Once there, Bruce affirms that both Selina and Griffin were seen by officials entering Cairo, but no other info is forthcoming. Batman heads out to one of the sphinxes and "instinctively knows" that Griffin is somewhere in the vicinity, but his thoughts are interrupted by a pack of jackals. Wisely, Batman crawls up the sphinx's face to avoid the nasty predators and accidentally opens a hidden door in one of the nostrils. The Caped Crusader slides down a chute and into a lit chamber. There, in the middle of the room, is Selina, dolled up in ancient Egyptian dress and in a deep sleep. Griffin enters the chamber and tells Batman that he's actually the reborn pharaoh (Khafre, Lord of the Nile), and he's about to put himself and Selina into an even deeper sleep for eternity.

Batman objects, but Khafre/Griffin starts blasting with a "solar scepter" and Bats, afraid of igniting the musty old mummies in the chamber, surrenders to the nutty pharaoh. Khafre wraps Bats in mummy bandages and throws him into an open sarcophagus, muttering about the upcoming long sleep and Tanna leaves. As soon as Khafre lies down on his slab to get ready for the great beyond, Bats cuts through his bandaging and cleans the pharaoh's clock. Grabbing Selina, the Dark Knight Detective escapes through the hidden nostril but Khafre catches up to them and a scuffle ensues. Griffin loses his power medallion, which controls the killer jackals, and the beasts devour him before Batman's eyes. The next day, ready to leave, Selina tells Bruce they have to talk about their future.

And starring Alice Cooper as the Pharaoh
 "Secret of the Sphinx Sinister!" is a weak one-off with lots of vagaries, coincidences, and silly expository. I mentioned this when Bruce and Bats ended up in London at the same time and possibly when the both of them were spotted in Alaska during the "Moon of the Wolf II" story, but it bears mentioning again: just how stupid is the world around Bruce Wayne? Bruce hops a plane to Cairo and, voila, there's Batman. Never mind the dopey population, what about Selina? How could she, of all people, not put two and two together? And how did Griffin get Selina into Cairo without her scratching his eyes out? Was she drugged when they flew in? Some sloppy plotting here. I'm still enjoying the Newton/Adkins team very much; their work is starting to resemble that of Val Mayerik more and more each issue. I consider that a good thing, by the way.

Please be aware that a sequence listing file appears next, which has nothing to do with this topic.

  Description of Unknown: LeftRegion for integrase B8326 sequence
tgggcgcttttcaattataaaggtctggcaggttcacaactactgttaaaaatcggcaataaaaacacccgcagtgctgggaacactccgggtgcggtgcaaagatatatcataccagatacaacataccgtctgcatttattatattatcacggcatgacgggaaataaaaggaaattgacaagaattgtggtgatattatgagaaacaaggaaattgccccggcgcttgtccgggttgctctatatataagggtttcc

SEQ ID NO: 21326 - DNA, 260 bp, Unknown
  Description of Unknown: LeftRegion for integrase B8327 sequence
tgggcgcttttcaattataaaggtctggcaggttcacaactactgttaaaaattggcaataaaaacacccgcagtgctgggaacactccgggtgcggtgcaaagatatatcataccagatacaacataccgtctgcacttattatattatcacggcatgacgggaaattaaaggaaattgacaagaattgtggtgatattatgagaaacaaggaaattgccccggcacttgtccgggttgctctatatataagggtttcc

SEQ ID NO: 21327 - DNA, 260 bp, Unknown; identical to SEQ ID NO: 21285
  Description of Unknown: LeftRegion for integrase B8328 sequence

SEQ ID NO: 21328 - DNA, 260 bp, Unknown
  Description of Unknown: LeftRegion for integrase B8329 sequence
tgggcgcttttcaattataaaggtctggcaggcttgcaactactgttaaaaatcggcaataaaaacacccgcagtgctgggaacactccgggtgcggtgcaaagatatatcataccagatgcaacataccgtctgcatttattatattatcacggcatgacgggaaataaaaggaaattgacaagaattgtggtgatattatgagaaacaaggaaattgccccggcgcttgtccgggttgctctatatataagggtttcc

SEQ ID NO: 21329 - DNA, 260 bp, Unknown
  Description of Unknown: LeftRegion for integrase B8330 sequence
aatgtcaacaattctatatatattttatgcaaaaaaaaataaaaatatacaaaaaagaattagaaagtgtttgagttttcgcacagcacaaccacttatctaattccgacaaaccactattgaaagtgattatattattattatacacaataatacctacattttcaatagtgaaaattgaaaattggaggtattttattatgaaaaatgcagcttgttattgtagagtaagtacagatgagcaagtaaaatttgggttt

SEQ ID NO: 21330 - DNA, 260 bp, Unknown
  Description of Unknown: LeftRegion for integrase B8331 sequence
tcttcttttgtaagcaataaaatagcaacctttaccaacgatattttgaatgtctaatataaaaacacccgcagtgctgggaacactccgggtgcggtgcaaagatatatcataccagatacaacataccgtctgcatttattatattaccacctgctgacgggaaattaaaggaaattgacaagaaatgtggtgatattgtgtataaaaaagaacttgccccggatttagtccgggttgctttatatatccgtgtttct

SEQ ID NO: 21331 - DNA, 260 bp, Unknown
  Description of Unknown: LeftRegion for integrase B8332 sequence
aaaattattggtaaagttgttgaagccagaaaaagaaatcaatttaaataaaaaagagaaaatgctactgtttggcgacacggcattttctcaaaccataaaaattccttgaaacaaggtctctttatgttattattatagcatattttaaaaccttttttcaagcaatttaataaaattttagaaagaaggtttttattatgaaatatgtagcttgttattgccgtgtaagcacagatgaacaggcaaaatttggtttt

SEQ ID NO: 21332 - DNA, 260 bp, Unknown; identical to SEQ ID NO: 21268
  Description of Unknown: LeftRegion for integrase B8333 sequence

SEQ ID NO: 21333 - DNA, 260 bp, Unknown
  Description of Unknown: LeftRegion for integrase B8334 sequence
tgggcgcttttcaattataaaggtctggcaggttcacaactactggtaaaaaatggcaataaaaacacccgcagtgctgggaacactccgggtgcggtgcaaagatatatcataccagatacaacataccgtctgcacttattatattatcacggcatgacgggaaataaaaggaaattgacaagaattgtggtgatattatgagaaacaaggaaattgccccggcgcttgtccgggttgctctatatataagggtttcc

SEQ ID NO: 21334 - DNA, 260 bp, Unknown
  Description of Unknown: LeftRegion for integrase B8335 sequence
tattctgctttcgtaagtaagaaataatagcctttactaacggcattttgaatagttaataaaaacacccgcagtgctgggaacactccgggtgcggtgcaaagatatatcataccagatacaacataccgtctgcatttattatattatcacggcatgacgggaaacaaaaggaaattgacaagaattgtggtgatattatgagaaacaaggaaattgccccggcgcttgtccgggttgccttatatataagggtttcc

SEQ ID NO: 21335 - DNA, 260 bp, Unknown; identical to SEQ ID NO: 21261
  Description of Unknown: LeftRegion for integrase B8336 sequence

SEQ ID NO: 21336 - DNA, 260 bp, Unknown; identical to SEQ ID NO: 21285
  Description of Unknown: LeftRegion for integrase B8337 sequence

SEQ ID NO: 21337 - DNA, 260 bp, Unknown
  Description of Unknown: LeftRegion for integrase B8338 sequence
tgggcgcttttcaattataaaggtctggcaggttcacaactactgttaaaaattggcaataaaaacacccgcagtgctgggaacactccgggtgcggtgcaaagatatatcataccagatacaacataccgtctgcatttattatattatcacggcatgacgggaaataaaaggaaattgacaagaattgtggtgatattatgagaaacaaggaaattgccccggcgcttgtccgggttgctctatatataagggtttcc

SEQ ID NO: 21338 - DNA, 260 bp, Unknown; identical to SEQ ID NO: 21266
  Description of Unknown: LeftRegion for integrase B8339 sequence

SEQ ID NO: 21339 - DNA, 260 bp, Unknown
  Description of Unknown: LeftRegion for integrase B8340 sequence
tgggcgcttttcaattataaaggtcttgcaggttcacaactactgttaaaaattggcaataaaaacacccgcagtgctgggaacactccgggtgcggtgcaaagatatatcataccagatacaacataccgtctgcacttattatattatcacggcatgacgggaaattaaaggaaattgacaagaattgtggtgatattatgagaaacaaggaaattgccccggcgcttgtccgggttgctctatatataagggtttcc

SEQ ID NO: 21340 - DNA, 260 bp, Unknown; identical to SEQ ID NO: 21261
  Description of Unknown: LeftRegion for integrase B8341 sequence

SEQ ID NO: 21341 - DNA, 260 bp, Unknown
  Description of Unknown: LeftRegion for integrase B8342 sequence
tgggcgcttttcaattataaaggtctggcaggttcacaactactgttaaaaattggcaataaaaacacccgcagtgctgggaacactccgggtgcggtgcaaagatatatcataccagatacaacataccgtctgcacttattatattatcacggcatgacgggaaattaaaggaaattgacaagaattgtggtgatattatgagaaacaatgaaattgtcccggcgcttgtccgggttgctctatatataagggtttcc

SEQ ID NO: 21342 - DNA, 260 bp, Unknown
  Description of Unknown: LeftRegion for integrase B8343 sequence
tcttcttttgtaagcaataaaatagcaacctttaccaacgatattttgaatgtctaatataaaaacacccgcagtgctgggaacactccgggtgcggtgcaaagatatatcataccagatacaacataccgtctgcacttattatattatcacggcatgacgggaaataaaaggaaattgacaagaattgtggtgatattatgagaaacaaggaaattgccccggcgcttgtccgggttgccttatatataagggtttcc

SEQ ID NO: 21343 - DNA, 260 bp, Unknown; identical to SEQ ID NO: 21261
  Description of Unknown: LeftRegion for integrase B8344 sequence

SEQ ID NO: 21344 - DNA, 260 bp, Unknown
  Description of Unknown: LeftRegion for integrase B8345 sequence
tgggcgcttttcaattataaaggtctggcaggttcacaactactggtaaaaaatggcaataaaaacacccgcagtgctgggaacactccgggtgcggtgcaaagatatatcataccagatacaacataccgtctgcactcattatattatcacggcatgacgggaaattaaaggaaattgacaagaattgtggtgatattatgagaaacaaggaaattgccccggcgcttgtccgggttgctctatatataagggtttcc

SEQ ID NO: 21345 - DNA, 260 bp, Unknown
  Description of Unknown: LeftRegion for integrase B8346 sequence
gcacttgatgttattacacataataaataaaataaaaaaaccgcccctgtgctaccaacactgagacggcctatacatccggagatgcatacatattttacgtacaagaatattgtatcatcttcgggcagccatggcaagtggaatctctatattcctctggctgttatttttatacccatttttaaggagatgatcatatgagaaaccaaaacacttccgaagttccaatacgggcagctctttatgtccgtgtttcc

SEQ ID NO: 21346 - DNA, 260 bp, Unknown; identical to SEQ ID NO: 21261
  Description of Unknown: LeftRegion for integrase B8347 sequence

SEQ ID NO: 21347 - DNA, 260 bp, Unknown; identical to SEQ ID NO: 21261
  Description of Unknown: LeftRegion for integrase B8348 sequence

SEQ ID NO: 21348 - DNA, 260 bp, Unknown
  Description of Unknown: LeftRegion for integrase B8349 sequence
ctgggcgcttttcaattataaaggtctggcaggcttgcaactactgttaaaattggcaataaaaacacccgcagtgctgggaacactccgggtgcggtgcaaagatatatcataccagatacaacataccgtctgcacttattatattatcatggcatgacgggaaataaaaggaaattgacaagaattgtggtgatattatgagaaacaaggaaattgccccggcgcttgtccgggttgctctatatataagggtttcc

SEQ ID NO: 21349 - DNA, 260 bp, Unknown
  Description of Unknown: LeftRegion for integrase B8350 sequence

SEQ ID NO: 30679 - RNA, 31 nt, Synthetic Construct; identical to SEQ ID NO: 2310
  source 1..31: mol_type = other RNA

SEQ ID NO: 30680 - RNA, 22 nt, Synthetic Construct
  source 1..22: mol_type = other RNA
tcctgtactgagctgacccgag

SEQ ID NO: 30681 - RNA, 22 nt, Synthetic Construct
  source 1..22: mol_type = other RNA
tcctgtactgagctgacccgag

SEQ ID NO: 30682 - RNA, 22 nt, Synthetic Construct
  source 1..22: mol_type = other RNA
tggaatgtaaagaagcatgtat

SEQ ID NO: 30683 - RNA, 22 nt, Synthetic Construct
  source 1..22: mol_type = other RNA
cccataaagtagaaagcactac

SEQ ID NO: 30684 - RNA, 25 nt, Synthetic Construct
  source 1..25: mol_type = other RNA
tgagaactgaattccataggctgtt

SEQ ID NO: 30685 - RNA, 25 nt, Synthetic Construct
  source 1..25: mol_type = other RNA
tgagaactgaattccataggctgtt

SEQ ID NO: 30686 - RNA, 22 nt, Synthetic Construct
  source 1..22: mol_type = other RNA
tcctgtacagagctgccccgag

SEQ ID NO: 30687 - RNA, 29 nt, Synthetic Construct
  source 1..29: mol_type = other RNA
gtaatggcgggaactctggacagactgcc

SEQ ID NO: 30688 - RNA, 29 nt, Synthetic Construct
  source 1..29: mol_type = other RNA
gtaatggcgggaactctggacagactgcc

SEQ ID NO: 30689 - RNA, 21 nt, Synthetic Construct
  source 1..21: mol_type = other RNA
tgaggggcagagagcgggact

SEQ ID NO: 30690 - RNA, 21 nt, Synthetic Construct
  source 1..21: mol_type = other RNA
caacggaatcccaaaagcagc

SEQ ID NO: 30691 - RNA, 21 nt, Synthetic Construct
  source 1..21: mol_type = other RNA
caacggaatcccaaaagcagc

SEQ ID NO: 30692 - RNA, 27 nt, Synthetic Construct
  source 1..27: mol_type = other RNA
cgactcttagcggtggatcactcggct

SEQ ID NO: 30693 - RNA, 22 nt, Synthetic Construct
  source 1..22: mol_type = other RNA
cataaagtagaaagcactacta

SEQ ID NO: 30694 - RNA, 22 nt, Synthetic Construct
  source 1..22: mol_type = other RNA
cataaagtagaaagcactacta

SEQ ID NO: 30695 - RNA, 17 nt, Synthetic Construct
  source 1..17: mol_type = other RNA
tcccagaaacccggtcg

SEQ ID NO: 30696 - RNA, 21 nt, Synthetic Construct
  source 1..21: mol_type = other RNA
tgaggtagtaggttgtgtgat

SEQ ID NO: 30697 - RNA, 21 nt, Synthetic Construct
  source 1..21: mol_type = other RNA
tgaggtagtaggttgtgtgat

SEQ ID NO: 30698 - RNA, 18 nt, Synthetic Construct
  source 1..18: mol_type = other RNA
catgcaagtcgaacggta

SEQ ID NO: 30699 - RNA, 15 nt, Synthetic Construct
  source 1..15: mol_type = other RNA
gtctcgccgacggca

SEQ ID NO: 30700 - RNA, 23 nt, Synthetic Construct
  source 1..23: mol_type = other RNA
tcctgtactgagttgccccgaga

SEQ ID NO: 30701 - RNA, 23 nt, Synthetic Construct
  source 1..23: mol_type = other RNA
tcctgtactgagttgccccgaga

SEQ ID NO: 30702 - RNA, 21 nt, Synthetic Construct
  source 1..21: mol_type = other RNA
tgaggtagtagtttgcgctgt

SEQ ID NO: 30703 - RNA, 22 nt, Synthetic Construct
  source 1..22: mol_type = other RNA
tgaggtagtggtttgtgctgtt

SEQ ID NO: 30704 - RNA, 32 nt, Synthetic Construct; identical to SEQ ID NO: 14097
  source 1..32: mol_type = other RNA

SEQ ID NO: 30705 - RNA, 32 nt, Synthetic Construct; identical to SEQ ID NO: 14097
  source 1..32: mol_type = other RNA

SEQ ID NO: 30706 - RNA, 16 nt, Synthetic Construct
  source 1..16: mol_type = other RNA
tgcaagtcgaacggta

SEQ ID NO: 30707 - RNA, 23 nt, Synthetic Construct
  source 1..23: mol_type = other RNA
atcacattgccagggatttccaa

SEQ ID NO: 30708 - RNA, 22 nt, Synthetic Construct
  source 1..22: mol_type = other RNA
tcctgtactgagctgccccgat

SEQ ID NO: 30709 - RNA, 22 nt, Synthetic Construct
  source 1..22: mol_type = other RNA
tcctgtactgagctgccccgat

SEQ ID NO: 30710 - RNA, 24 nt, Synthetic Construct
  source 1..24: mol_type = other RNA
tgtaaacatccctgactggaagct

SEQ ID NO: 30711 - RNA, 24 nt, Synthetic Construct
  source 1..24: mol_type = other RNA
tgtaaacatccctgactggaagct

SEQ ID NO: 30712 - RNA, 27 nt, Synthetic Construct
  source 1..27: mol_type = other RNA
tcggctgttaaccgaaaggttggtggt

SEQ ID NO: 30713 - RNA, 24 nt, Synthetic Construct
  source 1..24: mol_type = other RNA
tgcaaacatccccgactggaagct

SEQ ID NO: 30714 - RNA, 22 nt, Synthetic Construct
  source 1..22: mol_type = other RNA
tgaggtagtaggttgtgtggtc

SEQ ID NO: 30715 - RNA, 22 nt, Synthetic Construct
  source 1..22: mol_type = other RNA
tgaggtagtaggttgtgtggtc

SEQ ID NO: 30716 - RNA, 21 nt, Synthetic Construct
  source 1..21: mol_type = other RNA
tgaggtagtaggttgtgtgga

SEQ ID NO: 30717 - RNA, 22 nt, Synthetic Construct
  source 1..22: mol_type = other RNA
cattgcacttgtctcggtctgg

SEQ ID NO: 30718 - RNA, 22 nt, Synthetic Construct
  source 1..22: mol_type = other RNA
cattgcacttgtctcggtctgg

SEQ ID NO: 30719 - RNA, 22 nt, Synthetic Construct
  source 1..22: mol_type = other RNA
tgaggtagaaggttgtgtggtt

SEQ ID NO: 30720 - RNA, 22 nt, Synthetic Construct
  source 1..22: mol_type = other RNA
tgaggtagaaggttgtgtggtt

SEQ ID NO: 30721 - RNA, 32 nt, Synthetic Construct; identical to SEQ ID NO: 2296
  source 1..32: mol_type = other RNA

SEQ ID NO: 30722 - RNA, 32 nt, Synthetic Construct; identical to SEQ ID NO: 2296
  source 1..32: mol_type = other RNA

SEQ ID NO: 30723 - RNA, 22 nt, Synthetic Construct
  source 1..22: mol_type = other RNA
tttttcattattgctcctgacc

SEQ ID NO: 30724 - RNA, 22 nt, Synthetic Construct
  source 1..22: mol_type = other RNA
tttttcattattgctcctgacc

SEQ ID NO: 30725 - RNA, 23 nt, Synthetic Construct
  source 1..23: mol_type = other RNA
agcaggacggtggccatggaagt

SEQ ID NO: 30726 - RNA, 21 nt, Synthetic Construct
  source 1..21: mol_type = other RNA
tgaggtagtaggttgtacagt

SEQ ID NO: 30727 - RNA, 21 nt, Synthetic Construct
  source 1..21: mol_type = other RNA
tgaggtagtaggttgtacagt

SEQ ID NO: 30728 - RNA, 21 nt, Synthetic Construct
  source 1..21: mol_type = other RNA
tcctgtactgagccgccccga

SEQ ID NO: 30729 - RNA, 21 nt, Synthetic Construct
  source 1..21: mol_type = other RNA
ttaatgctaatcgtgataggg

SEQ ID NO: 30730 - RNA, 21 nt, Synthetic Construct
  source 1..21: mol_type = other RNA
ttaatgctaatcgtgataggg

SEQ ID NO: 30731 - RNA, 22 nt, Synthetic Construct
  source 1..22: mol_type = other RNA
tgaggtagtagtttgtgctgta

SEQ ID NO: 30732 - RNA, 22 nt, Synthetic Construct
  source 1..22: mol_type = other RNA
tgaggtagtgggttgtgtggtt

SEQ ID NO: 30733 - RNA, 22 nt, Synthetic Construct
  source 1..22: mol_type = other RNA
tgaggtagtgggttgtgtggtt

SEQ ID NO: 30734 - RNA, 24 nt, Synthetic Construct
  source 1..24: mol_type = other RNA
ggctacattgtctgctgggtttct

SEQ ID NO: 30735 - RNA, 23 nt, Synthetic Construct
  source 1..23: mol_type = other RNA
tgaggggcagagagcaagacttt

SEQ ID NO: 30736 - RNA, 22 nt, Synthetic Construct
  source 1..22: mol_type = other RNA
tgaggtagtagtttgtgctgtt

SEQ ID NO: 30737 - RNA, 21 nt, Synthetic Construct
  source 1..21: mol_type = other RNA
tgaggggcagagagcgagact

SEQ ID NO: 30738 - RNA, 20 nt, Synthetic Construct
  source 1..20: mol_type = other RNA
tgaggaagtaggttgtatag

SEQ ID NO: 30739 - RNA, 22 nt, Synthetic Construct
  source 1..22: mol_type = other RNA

Jack: Good art makes a shaky story so much easier to bear, doesn't it? The plot has holes bigger than the Sphinx's nostrils, but I so enjoy anything to do with Ancient Egypt that I didn't mind. Putting Batman on the Sphinx is a great idea visually, and Newton and Adkins keep the page designs interesting by varying the panel layouts. The shot of Batman bursting out of his wrappings in shadow on page 15 is especially cool. I also like the continuity we're seeing across the books and from issue to issue; Conway makes sure to remind us of the mayoral race in a brief sequence, which reminds us of the mysterious scene in Batman with the former Arkham inmate trying to fix the race.

Skeazy Jeff on his way to the
set of Insatiable.